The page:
FIGS. 9A and 9B show a perspective view and a cross sectional view along the longitudinal axis of a first embodiment of a rigid sheath;

FIGS. 10A and 10B show a cross section along the longitudinal axis and a cross section perpendicular to the longitudinal axis of a second embodiment of a rigid sheath that also has a lumen that can be used for various purposes;

FIG. 11 shows another embodiment of the sheath having a chamber filled with transmissive medium and sealed with a breakable membrane;

FIG. 12 shows the sheath of FIG. 11 in which the sealing membrane has been broken and a probe has been inserted into the chamber;

FIG. 13 shows another embodiment of the sheath having a balloon on the end that can be inflated with an ultrasonically transmissive medium through a lumen in the sheath;

FIG. 14 shows the sheath of FIG. 13 with the balloon inflated with ultrasonically transmissive medium and in which an ultrasonic probe has been inserted;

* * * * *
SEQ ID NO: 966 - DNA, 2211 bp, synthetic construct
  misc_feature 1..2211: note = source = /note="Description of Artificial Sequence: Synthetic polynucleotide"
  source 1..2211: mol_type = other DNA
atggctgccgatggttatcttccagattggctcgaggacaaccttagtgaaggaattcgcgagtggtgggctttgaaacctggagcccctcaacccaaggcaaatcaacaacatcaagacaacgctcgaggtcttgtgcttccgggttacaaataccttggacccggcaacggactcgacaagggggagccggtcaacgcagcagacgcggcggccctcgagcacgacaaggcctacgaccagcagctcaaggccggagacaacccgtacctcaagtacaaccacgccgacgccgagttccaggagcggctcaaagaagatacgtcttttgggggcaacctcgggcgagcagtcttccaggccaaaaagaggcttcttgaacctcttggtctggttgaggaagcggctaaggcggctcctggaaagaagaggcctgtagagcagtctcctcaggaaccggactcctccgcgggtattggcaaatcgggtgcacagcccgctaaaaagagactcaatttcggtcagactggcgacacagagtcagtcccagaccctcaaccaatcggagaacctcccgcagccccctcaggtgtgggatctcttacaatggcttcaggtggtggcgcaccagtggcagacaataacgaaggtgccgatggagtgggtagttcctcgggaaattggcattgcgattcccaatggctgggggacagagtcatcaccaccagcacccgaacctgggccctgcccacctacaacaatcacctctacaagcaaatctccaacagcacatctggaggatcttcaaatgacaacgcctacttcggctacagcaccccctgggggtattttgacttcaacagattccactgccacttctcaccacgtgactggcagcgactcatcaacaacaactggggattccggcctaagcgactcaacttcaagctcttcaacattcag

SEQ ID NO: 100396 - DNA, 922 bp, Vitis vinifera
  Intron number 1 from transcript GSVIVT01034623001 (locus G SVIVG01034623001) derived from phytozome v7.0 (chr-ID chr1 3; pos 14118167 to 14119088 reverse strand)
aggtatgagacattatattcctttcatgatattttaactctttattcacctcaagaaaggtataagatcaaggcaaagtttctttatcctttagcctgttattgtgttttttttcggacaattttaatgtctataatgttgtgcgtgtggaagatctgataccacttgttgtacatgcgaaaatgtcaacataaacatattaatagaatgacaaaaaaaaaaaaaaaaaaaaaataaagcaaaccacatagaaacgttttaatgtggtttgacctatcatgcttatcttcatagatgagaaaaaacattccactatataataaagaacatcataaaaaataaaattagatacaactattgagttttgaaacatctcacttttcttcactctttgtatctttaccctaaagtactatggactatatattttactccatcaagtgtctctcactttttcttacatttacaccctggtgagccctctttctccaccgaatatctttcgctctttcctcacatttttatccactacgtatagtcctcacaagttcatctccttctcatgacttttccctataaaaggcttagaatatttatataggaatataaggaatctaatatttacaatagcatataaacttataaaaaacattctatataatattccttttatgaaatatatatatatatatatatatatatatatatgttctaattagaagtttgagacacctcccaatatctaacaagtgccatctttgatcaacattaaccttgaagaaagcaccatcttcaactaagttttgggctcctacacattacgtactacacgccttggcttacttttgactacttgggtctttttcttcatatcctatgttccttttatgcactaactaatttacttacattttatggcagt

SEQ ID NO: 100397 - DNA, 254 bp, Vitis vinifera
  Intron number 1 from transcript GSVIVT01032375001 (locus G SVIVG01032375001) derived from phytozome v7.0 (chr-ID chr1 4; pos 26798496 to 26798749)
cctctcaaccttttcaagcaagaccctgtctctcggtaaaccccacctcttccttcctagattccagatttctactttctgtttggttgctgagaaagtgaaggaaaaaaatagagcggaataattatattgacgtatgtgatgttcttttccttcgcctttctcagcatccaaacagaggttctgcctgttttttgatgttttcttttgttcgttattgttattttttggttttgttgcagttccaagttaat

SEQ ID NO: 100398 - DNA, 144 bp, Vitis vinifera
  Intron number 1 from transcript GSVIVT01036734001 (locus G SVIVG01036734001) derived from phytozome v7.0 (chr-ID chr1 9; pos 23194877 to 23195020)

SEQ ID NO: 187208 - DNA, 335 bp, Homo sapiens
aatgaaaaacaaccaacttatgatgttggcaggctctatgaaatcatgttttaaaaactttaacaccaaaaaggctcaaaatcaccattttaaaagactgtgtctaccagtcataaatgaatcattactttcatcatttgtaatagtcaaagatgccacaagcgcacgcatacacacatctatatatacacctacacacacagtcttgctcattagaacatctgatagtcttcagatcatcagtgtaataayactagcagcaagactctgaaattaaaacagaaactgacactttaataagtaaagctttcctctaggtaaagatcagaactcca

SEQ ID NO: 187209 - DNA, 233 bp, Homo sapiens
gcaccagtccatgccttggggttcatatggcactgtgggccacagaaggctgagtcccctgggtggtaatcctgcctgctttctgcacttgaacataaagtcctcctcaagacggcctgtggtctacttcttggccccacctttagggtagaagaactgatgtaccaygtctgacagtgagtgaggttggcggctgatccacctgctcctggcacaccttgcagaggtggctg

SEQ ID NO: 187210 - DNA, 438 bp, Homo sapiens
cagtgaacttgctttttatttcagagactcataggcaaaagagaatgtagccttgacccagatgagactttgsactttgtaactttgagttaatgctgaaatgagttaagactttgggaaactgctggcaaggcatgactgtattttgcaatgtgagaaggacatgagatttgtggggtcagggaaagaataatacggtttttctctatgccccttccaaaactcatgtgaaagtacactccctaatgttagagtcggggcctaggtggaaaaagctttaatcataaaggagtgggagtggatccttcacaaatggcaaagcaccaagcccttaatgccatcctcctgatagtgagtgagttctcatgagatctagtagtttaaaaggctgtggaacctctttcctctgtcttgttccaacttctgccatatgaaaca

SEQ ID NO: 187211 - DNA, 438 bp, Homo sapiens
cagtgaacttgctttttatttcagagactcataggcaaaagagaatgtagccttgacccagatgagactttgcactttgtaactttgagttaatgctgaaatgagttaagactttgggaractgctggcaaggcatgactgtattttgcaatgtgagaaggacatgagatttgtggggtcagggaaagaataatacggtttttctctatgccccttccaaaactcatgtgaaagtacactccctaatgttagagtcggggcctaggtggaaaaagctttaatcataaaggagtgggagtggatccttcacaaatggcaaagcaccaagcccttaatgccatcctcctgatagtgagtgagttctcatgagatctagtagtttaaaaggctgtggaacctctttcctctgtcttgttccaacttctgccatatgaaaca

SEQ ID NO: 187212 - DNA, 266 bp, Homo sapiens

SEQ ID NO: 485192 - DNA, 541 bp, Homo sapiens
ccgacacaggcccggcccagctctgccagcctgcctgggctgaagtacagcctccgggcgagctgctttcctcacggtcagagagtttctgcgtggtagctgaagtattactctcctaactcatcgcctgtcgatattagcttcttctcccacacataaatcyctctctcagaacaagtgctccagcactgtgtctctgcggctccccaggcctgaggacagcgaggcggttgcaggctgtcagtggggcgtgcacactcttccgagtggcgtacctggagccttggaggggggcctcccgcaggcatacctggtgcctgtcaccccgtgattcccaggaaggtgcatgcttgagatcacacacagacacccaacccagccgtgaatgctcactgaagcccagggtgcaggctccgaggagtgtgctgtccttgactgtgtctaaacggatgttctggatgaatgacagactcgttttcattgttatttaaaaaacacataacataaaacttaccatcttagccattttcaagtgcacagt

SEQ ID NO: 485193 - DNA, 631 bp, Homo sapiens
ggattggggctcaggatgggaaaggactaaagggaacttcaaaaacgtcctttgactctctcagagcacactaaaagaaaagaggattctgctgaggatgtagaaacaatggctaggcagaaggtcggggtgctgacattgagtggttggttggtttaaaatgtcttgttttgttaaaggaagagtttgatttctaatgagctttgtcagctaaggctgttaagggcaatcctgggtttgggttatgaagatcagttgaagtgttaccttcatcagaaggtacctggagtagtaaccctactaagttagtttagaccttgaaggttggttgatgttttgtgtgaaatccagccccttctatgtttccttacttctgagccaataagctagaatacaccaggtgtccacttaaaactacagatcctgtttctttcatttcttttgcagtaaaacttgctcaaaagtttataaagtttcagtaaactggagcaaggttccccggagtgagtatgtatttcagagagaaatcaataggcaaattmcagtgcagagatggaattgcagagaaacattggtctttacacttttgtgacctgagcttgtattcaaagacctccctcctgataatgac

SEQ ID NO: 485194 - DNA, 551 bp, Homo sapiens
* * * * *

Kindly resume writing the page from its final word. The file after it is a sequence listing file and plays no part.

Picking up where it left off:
FIG. 15 shows a cross section of a sheath having lumens for placing transmissive medium in a area to be ultrasonically imaged;

FIG. 16 is a perspective view in expanded form of a medical surgical apparatus including an ultrasonic imaging probe;

FIG. 17 is a side view of one embodiment of an ultrasonic imaging probe;

FIG. 18 is a sectional view of the handle of one embodiment of an ultrasonic imaging probe;

FIG. 19 shows a sectional view of a keyed engagement shape for engaging a rigid sheath of one embodiment of an ultrasonic imaging probe;

FIG. 20 is a top view of one embodiment of an ultrasonic imaging probe;

FIG. 21 is a side view of a biopsy needle assembly;

FIG. 22 is a side view of one embodiment of a rigid sheath;

FIG. 23A is a sectional view of one embodiment of a rigid sheath showing a lumen inside the sheath;

FIG. 23B is a sectional view of one embodiment of a rigid sheath showing a lumen in the wall of the rigid sheath;

FIG. 24 is a sectional view of one embodiment of a rigid sheath showing a connection clip in the shape of a hollow lip;

FIG. 25 is an end view of one embodiment of a rigid sheath showing a keyed engaging shape for engaging an ultrasonic imaging probe;